Say Goodbye to Paper Bonds, Say Hello to Electronic Bonds

You know those paper bonds that you got from Grandma and Grandpa as a kid?  Well kiss those goodbye!  Yup, as in non-existent.  It looks like the Treasury is being forced to make some serious cut backs and one of those cutbacks is physical United States savings bonds.  The Bureau of the Public Debt made this announcement on July 12, 2011.

The official date for a 100% phasing out of paper treasury bonds is slated for January 1, 2012 according to Treasury Direct.  Their goal is to save the US tax payer 70 million dollars over the course of five years with this new procedure.

So, how will you be able to buy Treasury bonds going forward?  Well, thankfully the Treasury will still offer bonds, you just won’t be able to hold them in your bedroom or in a vault in your basement.  You are going to have to purchase them through their online website at Treasury Direct.

To be honest, this takes away from the “cool” factor of holding physical bonds in your hands.  You can still purchase a gift box through their website, but this gift box will be digital.  Once the person you bought it for turns 18, the gift box can be redeemed.

When I first heard about this, some definite drawbacks came to mind.  Yes, purchasing and holding bonds over the internet is great and convenient but what are the risks associated with that?

Drawbacks to Eliminating Paper Bonds

Treasury

How do you feel about the move to electronic bonds?

- More complicated: The new process is much more complicated.  It’s not as simple as handing over a piece of paper.  Now, there is an application process and a separate redemption process online.  Like I already mentioned, a virtual gift box will take over.  A representative for the Department even admits, “it’s complicated.”  If the rep is saying that this soon to the switch to the internet, that does not bode well.

- No physical ownership: Yes, having the government store your treasury bonds for you feels safer, but you lose that “sense” of ownership.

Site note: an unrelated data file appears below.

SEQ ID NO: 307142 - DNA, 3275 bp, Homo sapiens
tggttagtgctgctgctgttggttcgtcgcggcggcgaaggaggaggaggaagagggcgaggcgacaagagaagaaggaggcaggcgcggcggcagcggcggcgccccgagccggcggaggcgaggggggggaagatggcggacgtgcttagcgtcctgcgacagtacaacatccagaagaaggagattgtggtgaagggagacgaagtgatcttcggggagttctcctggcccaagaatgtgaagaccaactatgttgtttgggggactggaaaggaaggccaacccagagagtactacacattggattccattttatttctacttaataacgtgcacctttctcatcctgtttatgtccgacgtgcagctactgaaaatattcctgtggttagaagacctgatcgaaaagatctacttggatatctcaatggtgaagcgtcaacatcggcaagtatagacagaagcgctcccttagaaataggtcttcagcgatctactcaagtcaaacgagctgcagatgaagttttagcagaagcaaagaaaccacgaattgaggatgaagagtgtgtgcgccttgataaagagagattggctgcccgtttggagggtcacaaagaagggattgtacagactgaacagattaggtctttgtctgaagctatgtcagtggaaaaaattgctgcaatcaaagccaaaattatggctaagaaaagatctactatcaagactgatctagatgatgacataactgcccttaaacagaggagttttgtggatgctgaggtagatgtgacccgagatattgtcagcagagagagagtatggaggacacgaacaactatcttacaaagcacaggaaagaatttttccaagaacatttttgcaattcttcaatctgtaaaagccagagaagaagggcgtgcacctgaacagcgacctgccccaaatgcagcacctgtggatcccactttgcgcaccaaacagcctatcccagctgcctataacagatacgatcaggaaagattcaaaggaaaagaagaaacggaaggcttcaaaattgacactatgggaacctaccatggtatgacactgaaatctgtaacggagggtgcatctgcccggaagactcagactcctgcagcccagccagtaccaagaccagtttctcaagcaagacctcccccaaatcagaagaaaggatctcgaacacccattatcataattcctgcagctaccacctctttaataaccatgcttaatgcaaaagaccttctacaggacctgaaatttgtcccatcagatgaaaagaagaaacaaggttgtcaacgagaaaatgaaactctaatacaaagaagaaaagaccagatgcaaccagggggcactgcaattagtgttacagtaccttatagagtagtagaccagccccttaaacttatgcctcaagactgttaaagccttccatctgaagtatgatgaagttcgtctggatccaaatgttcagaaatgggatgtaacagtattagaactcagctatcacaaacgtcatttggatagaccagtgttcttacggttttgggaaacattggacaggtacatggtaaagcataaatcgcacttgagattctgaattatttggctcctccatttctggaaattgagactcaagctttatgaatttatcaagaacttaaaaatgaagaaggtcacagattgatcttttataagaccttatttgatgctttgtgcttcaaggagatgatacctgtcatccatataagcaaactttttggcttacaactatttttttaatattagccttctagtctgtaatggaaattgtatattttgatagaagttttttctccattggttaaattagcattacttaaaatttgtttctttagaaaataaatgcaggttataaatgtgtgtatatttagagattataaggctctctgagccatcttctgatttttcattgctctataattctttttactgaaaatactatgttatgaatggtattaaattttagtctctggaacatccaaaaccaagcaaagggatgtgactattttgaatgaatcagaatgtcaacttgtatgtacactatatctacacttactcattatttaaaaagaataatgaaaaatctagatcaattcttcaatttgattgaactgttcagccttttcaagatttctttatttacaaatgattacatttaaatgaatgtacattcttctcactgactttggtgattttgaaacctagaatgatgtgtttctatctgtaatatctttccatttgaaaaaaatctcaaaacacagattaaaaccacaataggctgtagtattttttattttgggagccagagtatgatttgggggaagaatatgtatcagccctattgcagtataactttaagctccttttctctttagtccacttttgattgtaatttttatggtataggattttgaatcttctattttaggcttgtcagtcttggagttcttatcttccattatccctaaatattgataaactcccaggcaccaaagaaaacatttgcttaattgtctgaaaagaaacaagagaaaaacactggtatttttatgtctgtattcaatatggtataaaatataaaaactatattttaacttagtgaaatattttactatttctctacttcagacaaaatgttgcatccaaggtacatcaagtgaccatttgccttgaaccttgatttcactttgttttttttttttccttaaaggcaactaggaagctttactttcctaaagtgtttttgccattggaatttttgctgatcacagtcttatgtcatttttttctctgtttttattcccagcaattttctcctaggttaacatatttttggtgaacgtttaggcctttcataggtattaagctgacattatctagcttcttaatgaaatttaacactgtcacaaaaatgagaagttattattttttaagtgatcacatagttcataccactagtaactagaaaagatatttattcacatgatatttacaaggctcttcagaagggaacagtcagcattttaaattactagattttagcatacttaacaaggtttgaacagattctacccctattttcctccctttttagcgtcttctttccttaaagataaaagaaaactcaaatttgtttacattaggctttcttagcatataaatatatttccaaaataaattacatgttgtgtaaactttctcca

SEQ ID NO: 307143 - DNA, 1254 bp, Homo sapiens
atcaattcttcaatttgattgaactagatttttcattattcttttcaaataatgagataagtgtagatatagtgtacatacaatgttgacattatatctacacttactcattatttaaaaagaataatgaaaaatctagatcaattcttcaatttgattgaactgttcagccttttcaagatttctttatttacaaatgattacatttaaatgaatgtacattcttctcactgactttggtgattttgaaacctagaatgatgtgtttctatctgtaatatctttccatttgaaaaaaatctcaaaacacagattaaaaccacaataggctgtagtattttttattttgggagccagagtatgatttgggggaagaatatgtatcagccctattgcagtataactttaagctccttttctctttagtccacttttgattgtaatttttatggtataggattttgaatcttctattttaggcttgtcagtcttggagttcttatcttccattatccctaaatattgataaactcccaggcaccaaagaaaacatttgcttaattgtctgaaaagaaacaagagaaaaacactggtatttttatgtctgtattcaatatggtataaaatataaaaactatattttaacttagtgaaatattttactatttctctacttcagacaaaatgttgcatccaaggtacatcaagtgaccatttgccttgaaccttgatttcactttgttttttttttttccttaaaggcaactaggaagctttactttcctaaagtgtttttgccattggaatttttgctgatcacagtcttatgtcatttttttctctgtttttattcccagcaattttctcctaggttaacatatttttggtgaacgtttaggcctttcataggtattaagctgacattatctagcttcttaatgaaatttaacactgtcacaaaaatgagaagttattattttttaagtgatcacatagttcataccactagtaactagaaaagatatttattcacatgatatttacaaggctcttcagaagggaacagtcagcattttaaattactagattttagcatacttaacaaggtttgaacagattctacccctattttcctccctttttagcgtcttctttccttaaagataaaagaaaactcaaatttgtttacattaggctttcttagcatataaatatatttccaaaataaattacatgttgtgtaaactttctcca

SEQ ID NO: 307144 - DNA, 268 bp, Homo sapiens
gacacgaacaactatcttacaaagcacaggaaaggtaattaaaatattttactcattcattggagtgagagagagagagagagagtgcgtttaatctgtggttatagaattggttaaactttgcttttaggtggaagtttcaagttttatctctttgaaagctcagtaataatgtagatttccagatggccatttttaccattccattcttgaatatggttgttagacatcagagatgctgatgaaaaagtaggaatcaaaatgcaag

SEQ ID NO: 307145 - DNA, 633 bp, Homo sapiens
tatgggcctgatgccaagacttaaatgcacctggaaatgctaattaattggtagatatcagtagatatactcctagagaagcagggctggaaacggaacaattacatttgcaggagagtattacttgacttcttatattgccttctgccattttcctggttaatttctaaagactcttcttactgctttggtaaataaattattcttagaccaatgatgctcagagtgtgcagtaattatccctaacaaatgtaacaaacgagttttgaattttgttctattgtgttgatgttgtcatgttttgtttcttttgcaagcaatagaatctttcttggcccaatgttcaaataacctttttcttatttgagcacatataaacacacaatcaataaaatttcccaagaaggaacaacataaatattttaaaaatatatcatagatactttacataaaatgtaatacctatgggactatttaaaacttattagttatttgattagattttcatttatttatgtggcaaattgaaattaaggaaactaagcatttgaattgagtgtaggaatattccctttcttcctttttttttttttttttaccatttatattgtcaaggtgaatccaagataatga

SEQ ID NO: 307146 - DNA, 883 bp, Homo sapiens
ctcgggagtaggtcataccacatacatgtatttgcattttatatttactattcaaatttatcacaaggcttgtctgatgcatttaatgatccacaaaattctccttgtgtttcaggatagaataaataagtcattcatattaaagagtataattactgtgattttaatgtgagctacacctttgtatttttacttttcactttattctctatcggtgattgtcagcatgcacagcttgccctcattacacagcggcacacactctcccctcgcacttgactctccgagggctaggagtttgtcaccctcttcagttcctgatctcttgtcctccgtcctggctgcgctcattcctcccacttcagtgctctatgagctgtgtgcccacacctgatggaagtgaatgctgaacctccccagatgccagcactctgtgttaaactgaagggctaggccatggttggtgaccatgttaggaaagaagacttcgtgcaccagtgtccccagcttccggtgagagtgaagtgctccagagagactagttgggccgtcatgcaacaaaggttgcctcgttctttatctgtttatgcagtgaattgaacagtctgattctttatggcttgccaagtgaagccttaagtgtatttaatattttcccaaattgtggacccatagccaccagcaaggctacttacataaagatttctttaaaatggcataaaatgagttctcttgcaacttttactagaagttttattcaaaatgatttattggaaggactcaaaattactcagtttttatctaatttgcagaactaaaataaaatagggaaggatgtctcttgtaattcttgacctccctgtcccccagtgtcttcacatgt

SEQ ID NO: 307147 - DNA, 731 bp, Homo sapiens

Positives About the Change to Electronic Bonds

 -No worries about losing them: I don’t know about you, but holding physical investments kind of scare me.  Worries like fire, flooding, and robberies come to mind.  Now, all those worries can be tossed out the door.  I can see where people will love this peace of mind.  Now, if something happens to your bonds, it will be covered by the government.  No more worries.

-No more safety deposit box: Many people hold their treasury bonds in safety deposit boxes at local banks.  Now, you won’t have to do this.  Since it’s all online, you can ditch the safety deposit box and use that money for something else.

I’m sure you’re wondering what you will be able to do through their Treasury direct website.

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Here are some of the features that will be rolled out:

  • Buy, manage, and redeem Series EE and I electronic savings bonds.
  • Convert Series EE and I paper savings bonds to electronic through the SmartExchange® feature.
  • Purchase electronic savings bonds as a gift.
  • Enroll in a payroll savings plan for purchasing electronic bonds.
  • Invest in other Treasury securities such as bills, notes, bonds, and TIPS (Treasury Inflation-Protected Securities).
For those of you who already own paper bonds, you’re in luck.  You’ll still be able to cash these in at local financial institutions.

As I’m not an expert in bond issuance, what do you think readers?  How do you feel about this transition?

Published or updated November 5, 2012.

Comments

  1. My parents wanted to buy our daughter a bond for her baptism, and the bank that they use told them that they stopped three months in advance, so after 9/30 they wouldn’t issue bonds anymore. I think they had to go to a credit union and were able to do it.

    • That sticks! We had to buy a few bonds earlier in the year. Our bank was able to process pretty easily. I was actually going to try and get them through TreasuryDirect but they first have to mail you a confirmation (snail mail, that is) before you can order anything online. I found that to be very inefficient.

  2. Jenna, Adaptu Community Manager says:

    Seems like a smart move to save money.

    • I suppose it is the wave of the future. I’d love to see a report ten years on that showed how much was actually saved; how many people didn’t spend their bonds that may have been tempted to if they had a paper one in fron of them; and how many simply forgot they had bonds because they wee all stored online.

  3. My mom had bonds through Treasury Direct. She had no problem renewing her bonds or adding to them. She was doing it late into her eighties.

    • I’m sure once you start the process it’s pretty easy. I’ll have experience with it soon I bet. There’s always a birthday or event that could use a bond as a gift.

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